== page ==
Severe Anxiety and Phobia in Children – How to Know If a Child Needs Help

Anxiety is one of the most prevalent problems of childhood and adolescence, but the least likely problem to be treated. Common effects of severe anxiety or fears include interference with family relationships, school performance and friendships as well as significant personal distress.

Avoidance is a Key Sign of Severe Anxiety

It is not always obvious that a child’s difficulties are a result of extreme anxiety or fear. Avoidance is the most common outward sign that there may be a problem. Children and adolescents will actively try to avoid encountering anxiety or fear inducing events or objects.

Some parents, and even some health professionals, believe that children will eventually outgrow their problems with severe fears and anxiety. Research clearly shows us that this is not the case. Left untreated, children who suffer from severe anxiety and fears are at greater risk for additional emotional and behavioral problems such as depression and substance abuse.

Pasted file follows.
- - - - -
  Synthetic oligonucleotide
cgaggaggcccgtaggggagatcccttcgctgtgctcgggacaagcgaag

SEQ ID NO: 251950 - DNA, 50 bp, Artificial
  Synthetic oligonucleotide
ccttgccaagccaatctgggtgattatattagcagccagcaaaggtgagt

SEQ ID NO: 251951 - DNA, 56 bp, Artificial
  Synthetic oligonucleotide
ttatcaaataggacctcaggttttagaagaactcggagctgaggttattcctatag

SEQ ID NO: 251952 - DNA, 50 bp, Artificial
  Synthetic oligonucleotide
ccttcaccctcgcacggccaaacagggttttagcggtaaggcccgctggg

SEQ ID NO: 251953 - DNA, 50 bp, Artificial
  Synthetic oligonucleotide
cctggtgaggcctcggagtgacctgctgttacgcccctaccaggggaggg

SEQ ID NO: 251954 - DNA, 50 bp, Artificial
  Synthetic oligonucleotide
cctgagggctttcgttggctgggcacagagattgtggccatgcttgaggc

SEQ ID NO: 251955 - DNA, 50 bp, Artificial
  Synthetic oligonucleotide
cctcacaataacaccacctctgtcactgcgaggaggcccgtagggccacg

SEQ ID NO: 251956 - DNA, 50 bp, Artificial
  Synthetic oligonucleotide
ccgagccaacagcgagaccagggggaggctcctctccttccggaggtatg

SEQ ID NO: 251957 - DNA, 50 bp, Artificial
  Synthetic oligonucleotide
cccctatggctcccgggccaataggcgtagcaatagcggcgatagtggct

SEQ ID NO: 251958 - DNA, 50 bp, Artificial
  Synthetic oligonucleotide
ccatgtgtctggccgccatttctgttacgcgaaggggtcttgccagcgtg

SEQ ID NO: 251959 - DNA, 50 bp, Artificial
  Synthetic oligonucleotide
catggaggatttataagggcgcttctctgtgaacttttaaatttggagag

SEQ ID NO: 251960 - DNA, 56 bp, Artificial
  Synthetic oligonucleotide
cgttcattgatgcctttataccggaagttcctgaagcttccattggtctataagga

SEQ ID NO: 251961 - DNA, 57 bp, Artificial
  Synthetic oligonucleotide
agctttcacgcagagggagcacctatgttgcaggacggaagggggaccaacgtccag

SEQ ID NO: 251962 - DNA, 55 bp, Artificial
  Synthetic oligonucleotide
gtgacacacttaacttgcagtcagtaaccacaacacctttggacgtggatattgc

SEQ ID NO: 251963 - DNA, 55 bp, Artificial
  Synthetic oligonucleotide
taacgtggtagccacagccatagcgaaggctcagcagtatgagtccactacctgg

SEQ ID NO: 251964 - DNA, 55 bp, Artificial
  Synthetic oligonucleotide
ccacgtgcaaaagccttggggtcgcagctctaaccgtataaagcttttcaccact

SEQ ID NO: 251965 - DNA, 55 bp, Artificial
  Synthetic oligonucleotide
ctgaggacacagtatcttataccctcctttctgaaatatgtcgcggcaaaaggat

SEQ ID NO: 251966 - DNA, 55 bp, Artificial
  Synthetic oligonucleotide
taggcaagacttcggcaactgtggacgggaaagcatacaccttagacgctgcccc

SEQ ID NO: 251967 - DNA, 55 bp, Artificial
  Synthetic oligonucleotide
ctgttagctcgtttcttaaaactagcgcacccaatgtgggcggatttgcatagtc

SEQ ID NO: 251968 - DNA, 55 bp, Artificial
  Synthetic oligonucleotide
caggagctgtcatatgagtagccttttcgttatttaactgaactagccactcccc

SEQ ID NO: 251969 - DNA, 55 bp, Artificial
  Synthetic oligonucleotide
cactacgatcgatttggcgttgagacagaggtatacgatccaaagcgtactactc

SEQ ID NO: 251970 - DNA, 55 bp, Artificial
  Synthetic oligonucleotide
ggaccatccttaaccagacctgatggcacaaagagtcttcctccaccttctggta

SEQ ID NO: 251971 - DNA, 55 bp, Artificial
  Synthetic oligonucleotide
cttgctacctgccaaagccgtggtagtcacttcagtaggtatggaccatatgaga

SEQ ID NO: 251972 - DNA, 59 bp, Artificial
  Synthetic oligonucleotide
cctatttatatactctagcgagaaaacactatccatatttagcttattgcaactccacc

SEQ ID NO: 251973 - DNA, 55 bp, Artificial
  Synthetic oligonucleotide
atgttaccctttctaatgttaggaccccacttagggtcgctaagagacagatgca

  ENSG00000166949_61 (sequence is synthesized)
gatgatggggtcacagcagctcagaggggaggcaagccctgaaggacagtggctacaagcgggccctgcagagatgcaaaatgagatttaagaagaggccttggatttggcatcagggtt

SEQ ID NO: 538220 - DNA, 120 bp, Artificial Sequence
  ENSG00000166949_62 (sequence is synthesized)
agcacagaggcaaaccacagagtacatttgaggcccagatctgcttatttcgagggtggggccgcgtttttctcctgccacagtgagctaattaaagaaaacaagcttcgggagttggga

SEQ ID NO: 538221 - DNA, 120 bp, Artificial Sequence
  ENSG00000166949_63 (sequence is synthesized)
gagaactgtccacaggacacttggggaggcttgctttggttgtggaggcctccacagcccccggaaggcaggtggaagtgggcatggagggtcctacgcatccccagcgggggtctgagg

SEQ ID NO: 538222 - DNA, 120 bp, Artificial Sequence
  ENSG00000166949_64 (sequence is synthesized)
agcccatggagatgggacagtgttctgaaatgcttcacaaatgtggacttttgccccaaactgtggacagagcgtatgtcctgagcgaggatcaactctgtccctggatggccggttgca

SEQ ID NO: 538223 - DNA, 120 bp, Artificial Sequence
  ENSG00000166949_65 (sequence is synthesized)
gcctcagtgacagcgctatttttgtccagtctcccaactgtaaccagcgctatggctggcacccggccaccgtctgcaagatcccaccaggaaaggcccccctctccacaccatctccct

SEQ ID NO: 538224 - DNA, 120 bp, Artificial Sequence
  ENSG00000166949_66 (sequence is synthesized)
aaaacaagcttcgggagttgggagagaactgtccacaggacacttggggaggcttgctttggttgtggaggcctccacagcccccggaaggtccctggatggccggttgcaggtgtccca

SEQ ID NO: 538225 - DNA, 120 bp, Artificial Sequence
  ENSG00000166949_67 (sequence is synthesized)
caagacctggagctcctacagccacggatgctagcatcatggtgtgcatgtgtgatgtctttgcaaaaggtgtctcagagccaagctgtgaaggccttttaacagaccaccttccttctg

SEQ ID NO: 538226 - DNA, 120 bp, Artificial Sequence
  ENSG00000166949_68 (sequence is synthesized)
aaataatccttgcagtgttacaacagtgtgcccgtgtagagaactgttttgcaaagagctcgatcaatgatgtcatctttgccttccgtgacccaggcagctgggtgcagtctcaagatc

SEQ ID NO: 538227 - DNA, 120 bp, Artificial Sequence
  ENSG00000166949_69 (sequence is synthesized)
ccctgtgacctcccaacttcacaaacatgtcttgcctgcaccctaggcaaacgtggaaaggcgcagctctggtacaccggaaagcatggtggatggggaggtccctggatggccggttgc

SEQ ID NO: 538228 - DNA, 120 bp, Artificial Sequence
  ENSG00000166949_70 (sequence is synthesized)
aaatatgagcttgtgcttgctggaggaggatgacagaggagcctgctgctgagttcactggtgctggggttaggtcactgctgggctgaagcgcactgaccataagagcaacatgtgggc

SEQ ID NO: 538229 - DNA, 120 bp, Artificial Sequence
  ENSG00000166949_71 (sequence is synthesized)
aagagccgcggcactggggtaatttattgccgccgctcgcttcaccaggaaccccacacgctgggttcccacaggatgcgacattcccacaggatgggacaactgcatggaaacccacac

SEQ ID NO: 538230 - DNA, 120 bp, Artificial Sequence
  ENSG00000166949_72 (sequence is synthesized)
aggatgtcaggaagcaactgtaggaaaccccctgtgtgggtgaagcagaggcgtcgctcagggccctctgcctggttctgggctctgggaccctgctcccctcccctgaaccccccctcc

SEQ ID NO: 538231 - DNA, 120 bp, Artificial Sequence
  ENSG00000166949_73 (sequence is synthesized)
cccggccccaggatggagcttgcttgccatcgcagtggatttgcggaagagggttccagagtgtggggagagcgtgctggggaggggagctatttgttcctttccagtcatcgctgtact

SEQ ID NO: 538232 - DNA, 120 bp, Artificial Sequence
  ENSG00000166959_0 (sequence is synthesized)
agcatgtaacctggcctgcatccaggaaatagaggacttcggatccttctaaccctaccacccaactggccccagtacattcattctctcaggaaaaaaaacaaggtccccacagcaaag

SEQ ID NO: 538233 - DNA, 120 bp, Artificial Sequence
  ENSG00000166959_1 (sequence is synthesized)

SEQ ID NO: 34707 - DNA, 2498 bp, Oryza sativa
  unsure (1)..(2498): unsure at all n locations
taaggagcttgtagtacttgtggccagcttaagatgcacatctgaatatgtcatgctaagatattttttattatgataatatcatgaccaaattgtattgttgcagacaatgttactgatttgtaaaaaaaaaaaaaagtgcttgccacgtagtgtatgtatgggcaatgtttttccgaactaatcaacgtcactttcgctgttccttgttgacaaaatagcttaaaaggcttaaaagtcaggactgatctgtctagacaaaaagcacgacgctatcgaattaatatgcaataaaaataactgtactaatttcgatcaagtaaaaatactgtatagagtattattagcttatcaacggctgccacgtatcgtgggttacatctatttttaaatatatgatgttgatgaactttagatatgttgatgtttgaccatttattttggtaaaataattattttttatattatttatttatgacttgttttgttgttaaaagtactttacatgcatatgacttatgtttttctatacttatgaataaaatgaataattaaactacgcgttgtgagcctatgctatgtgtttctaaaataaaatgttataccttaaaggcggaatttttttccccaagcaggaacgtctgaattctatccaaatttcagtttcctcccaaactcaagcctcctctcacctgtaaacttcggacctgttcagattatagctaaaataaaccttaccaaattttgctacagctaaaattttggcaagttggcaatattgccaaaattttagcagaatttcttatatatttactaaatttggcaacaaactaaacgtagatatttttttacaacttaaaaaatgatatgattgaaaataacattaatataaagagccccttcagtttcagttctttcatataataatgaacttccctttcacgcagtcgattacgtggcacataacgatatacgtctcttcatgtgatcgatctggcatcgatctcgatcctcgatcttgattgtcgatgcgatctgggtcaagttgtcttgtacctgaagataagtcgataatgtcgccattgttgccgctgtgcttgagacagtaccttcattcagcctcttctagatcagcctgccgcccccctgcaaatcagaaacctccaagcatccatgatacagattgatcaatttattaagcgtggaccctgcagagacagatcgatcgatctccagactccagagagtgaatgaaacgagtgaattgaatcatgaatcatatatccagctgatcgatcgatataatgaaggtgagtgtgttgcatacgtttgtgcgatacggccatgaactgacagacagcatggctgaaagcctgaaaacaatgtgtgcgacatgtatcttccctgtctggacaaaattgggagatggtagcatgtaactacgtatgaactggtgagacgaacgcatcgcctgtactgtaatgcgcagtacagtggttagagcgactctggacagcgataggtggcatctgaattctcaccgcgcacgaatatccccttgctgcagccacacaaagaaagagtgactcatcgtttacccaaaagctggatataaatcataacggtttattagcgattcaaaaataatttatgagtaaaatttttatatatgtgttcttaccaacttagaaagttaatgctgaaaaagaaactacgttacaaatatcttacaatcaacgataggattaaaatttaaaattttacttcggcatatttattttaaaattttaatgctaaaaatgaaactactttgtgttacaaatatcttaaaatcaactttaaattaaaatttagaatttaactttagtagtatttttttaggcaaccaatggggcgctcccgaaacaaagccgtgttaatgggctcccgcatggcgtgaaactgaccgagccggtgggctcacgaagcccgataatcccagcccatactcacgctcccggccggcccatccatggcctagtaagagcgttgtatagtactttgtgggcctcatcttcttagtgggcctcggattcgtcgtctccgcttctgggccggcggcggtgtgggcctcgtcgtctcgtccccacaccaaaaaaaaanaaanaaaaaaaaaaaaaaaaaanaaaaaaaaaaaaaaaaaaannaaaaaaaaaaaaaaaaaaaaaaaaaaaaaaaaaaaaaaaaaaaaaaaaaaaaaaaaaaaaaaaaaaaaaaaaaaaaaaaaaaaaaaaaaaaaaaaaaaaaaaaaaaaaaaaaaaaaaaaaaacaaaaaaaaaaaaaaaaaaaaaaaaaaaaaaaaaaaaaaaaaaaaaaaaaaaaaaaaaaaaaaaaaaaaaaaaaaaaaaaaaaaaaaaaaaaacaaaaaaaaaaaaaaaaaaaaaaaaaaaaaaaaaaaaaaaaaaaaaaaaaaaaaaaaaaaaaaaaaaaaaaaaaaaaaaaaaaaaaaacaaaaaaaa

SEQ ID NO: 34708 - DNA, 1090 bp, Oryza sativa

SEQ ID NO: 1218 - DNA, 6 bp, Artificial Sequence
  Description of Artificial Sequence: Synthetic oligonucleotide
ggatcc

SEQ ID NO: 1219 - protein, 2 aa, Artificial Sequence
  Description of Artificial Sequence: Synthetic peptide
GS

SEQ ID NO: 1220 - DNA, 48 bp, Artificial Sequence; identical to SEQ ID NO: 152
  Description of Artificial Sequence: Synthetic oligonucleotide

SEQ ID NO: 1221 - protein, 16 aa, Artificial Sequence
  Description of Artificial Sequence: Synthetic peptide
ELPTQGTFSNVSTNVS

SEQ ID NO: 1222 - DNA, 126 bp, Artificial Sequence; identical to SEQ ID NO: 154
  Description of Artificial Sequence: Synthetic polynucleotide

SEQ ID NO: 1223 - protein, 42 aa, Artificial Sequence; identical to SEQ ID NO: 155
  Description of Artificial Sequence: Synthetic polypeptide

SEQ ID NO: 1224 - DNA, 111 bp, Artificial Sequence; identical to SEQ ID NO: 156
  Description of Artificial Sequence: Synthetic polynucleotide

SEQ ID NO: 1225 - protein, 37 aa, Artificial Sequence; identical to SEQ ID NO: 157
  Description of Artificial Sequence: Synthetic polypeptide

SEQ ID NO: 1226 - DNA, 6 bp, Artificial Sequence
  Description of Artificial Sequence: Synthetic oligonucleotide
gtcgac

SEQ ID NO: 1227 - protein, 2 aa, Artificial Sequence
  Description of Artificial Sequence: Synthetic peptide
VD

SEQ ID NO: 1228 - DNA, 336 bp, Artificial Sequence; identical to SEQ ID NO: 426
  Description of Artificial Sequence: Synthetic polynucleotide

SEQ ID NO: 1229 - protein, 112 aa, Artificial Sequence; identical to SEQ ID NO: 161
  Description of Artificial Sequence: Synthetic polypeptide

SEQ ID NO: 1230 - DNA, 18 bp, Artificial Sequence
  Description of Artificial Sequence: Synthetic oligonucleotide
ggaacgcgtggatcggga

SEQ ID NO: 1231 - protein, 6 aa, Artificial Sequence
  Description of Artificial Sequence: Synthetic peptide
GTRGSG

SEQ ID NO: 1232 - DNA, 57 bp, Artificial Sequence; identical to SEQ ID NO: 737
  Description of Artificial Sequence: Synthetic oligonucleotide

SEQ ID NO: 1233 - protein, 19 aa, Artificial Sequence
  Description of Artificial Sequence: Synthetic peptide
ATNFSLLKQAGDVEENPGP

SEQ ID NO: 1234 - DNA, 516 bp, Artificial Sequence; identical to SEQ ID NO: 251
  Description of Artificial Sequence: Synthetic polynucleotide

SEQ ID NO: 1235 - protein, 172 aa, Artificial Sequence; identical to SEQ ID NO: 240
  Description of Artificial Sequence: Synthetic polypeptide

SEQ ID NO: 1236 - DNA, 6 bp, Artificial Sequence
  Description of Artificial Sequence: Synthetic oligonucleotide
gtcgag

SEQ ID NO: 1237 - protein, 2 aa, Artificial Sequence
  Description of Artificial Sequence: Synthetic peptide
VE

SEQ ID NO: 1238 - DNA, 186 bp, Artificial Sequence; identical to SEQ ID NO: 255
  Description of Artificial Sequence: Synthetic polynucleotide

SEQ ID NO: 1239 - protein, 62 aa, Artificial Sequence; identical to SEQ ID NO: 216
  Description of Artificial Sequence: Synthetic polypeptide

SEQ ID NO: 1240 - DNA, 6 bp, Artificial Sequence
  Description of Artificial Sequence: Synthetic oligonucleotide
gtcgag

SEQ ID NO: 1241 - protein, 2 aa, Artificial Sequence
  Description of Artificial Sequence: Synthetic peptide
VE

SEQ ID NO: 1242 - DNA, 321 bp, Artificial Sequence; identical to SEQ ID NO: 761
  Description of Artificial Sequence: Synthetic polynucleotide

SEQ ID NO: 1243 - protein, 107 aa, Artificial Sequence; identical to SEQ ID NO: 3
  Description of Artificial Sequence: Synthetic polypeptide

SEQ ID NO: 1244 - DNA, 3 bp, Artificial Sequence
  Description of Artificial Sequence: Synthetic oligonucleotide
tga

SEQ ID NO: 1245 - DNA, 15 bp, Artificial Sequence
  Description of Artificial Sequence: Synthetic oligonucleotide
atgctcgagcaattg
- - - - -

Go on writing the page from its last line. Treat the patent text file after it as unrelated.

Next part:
How do you know whether a child is suffering from severe anxiety or fear?

Examples of interference or impairment in a school setting:

What you may see or hear

What may be happening

Child’s school work is deteriorating because the child is so distracted from worrying

Child has high rate of absenteeism

Due to separation anxiety disorder, e.g., the child worried about being away from mom

Child’s grades are dropping off because child does not participate and does poorly on tests

Due to interfering social evaluative fears, e.g., the child worried about what others think

Child making frequent visits to school nurse and is frequently picked up early by mom

Due to panic disorder, e.g., the child who feels like she needs to vomit every day